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Track record

23 Oct 2020 By Christopher Thompson

France’s twenty-four hour Le Mans race is as much about a car’s endurance as it is speed. Gallic automaker Renault will need plenty of both to catch up with German rival Daimler. But the latter’s exposure to fast-recovering China means investors should give it more oomph.

The boss of the Stuttgart-based automaker, Ola Kallenius, can be satisfied with his performance so far. Sales in China rose year-on-year by nearly one-fifth during the third quarter bringing year-to-date revenue there up by 7% to 14.7 billion euros, a marked divergence to declines in every other major country. The V-shaped recovery in Mercedes-Benz cars’ largest market meant Kallenius trimmed the group’s year-to-date revenue decline to 14%, a deficit which could shrink further in the last three months of the year. Combined with tough cost-control, 2020 operating profit should be broadly in line with last year’s 4.3 billion euros – an impressive turnaround from the middle of the year when Daimler hoped to merely break even.

By contrast, Renault’s engine has been sputtering for some while. New Chief Executive Luca de Meo is at least heading in the right direction. A 8% year-on-year revenue decline in the third quarter was less than analysts feared. The fact it was mitigated by higher pricing vindicates a key plank of his turnaround strategy to focus on profitability rather than volume. A 3% sales shrinkage in Europe, compared to a 5% regional drop, suggests de Meo also took share in a market which accounts for roughly half of group sales. That gave him enough confidence to accelerate towards the modest goal of positive free cash flow in the second half, after suffering steep losses in the first six months.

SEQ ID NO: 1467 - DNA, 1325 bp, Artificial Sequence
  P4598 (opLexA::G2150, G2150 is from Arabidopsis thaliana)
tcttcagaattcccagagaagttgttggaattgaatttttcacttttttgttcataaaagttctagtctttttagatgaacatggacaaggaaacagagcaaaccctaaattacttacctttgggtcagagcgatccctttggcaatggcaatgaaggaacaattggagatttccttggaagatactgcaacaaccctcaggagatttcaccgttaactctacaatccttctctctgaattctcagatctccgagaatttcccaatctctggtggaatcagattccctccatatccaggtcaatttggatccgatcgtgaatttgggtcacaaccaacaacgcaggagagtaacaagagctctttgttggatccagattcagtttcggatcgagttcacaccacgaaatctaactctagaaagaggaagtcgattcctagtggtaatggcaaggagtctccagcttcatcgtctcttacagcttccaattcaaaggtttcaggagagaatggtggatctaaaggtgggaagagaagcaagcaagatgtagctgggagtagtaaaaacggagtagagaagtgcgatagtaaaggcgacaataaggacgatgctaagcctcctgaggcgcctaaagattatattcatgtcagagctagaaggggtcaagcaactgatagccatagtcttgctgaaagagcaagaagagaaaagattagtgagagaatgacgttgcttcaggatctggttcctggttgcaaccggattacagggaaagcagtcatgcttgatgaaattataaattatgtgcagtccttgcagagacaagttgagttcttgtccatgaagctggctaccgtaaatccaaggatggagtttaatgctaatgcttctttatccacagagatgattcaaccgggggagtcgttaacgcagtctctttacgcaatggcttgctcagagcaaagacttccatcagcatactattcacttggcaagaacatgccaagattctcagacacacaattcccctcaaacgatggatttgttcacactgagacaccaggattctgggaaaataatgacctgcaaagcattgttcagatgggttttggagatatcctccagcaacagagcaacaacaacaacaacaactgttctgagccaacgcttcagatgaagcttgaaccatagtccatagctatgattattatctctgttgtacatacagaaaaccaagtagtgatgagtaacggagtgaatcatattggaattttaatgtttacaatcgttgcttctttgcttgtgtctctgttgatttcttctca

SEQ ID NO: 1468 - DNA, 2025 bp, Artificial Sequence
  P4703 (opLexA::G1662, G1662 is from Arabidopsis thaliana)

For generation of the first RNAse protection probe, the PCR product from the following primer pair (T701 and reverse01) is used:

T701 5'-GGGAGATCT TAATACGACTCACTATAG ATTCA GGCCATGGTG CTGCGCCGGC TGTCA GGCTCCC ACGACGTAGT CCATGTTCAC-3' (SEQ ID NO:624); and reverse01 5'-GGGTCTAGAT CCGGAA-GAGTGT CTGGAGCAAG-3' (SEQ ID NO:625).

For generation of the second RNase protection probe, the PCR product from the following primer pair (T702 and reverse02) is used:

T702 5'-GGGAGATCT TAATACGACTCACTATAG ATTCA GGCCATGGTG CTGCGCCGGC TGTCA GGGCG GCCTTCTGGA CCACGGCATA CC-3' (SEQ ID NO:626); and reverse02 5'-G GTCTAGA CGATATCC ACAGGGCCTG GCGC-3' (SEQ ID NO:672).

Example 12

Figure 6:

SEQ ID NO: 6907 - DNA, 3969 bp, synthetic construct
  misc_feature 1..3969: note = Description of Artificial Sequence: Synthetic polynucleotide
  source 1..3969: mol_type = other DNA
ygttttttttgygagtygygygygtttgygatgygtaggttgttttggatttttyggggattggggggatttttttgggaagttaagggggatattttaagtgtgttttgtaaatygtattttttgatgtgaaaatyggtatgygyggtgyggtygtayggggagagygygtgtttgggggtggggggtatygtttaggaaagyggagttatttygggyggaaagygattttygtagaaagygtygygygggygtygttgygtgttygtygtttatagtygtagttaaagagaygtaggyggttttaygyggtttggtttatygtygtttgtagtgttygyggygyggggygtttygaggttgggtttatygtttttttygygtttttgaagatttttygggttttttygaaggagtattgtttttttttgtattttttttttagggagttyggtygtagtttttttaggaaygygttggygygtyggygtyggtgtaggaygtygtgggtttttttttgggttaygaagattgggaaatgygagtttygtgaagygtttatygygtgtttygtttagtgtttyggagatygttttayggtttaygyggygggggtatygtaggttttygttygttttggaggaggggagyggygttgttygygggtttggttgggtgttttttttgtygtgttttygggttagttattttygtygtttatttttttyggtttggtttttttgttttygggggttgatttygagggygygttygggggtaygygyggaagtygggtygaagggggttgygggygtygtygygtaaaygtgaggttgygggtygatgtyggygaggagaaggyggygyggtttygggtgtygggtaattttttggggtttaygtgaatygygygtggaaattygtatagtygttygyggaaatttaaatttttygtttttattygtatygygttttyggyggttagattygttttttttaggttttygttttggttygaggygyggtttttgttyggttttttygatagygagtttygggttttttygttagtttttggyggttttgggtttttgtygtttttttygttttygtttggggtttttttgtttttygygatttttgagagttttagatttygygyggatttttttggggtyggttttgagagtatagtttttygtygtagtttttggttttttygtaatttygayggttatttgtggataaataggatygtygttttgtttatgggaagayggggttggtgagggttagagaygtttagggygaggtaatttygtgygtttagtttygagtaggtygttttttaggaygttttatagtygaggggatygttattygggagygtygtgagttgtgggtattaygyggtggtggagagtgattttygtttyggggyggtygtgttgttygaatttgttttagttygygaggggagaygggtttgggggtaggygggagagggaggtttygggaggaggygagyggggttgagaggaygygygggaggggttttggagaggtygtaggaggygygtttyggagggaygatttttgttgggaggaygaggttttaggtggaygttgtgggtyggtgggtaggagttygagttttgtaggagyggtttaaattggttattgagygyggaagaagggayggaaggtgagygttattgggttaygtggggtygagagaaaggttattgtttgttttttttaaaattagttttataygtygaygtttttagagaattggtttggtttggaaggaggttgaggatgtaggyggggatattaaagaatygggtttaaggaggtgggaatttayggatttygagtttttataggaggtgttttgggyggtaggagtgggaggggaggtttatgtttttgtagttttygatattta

De Meo’s target of 2 billion euros in cost savings by 2022, compared with 2019, should hasten Renault’s forward propulsion. Even so, Renault’s enterprise value is over 8 times its 2021 operating profit as forecast by Refinitiv-compiled data. Daimler is less than 5 times. That doesn’t give much incentive for investors to choose the French company over its German rival.


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